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Treasury must release Freddie and Fannie documents to investors, court says

A 2008 file photo shows the Freddie Mac headquarters in McLean, Virginia.
A 2008 file photo shows the Freddie Mac headquarters in McLean, Virginia. AP

A federal appeals court sided mostly with a Miami-based mutual fund and other investors suing the United States over government-backed mortgage giants Freddie Mac and Fannie Mae.

The ruling is a key decision in a case that could shape the future of America’s housing market, which depends on home buyers having easy access to credit, the plaintiffs say.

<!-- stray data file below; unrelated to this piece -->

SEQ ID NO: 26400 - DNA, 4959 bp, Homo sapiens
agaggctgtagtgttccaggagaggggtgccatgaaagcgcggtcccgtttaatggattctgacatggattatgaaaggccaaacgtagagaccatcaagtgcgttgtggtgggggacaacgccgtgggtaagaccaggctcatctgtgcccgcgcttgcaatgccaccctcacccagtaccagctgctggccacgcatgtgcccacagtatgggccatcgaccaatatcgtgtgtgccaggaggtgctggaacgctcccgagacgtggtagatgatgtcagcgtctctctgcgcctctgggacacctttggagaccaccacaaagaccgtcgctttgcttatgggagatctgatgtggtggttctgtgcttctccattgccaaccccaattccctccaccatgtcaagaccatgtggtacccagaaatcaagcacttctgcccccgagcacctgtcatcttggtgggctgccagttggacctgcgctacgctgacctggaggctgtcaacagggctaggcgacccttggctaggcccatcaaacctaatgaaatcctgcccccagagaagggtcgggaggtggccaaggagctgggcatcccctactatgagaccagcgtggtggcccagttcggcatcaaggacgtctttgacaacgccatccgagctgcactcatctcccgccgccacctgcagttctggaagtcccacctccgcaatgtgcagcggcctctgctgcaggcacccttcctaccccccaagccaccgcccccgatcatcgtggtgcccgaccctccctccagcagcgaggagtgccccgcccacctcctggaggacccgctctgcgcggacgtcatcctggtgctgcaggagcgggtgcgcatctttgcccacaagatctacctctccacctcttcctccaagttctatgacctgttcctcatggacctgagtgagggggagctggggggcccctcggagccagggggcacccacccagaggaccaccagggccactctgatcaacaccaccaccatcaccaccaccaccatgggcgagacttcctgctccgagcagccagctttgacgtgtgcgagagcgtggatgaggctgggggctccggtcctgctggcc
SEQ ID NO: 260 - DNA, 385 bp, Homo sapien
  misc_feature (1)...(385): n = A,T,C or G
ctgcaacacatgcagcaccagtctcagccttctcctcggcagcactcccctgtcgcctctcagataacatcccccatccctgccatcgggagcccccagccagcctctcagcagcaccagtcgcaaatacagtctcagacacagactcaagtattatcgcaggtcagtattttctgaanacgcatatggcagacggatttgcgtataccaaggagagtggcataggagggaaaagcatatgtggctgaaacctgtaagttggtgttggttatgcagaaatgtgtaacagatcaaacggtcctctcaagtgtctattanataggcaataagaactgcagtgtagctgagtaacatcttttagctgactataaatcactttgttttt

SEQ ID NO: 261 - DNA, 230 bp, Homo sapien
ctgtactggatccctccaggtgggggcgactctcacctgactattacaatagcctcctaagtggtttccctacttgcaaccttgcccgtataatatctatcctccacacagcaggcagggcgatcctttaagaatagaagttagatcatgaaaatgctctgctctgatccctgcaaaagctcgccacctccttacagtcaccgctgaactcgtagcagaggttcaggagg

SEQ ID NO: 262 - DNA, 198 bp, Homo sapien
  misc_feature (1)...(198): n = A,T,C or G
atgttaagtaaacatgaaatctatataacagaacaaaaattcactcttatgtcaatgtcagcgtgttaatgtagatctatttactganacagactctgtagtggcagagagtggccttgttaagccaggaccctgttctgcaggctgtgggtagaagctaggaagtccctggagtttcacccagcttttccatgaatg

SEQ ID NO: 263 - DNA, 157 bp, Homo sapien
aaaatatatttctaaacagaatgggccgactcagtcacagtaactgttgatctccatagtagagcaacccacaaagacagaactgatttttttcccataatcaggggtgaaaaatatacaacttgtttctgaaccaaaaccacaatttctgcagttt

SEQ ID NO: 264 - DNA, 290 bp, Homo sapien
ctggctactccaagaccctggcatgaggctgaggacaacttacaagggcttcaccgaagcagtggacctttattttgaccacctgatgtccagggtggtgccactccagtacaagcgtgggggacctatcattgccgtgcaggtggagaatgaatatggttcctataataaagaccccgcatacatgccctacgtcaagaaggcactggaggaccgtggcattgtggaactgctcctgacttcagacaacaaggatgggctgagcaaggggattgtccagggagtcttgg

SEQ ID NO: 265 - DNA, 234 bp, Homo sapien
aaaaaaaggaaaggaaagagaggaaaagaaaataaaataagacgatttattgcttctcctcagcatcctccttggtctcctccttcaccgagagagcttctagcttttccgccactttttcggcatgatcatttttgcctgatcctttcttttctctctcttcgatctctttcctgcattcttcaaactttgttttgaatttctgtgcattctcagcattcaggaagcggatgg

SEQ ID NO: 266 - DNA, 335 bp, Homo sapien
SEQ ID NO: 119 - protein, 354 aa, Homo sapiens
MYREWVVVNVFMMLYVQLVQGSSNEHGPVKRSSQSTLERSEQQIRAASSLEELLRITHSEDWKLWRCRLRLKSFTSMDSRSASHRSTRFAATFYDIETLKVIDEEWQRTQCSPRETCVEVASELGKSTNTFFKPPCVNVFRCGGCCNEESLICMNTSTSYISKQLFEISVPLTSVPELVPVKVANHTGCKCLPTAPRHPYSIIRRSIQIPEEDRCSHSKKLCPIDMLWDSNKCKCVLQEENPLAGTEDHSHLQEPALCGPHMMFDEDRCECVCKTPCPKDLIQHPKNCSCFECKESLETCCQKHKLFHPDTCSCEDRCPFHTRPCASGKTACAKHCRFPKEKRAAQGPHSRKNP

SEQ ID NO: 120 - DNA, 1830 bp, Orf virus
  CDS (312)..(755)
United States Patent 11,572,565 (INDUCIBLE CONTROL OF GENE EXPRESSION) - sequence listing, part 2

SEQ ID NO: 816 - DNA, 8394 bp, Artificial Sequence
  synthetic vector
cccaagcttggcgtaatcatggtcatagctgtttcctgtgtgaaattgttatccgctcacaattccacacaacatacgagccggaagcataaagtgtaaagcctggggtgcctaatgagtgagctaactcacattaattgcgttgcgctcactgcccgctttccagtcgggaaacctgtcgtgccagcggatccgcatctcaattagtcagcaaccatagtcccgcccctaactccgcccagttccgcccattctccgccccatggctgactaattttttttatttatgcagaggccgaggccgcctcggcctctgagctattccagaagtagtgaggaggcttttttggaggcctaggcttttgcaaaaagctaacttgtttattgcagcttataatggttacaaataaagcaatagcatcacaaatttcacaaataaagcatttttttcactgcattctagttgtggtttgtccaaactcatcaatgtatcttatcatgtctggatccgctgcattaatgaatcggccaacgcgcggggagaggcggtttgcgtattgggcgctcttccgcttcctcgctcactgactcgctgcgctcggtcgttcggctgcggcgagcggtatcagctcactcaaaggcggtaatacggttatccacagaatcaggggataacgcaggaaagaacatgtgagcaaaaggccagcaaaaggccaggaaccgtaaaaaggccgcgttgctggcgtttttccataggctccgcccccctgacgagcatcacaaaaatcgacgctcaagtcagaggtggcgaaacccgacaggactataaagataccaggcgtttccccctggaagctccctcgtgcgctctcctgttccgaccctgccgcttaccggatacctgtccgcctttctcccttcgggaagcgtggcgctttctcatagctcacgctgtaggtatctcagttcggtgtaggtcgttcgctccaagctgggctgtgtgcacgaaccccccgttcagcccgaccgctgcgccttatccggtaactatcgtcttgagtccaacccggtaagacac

In an order released Monday, the Federal Circuit Court of Appeals said the U.S. Treasury Department must disclose 48 of 56 documents it sought to keep secret on privilege grounds. The investors, including Miami’s Fairholme Fund, say the documents and others that remain secret could help their case in a lawsuit filed against the government in 2013 over profits from Freddie and Fannie.

The Treasury Department has claimed the companies’ profits since 2012, a move shareholders like Fairholme say was illegal.

"We are confident that many of these documents will further discredit the government's defense narrative," said the plaintiffs’ lawyer, Charles Cooper, in a statement released to the New York Times.

The government had appealed an earlier ruling from a lower court judge ordering the release of the documents.

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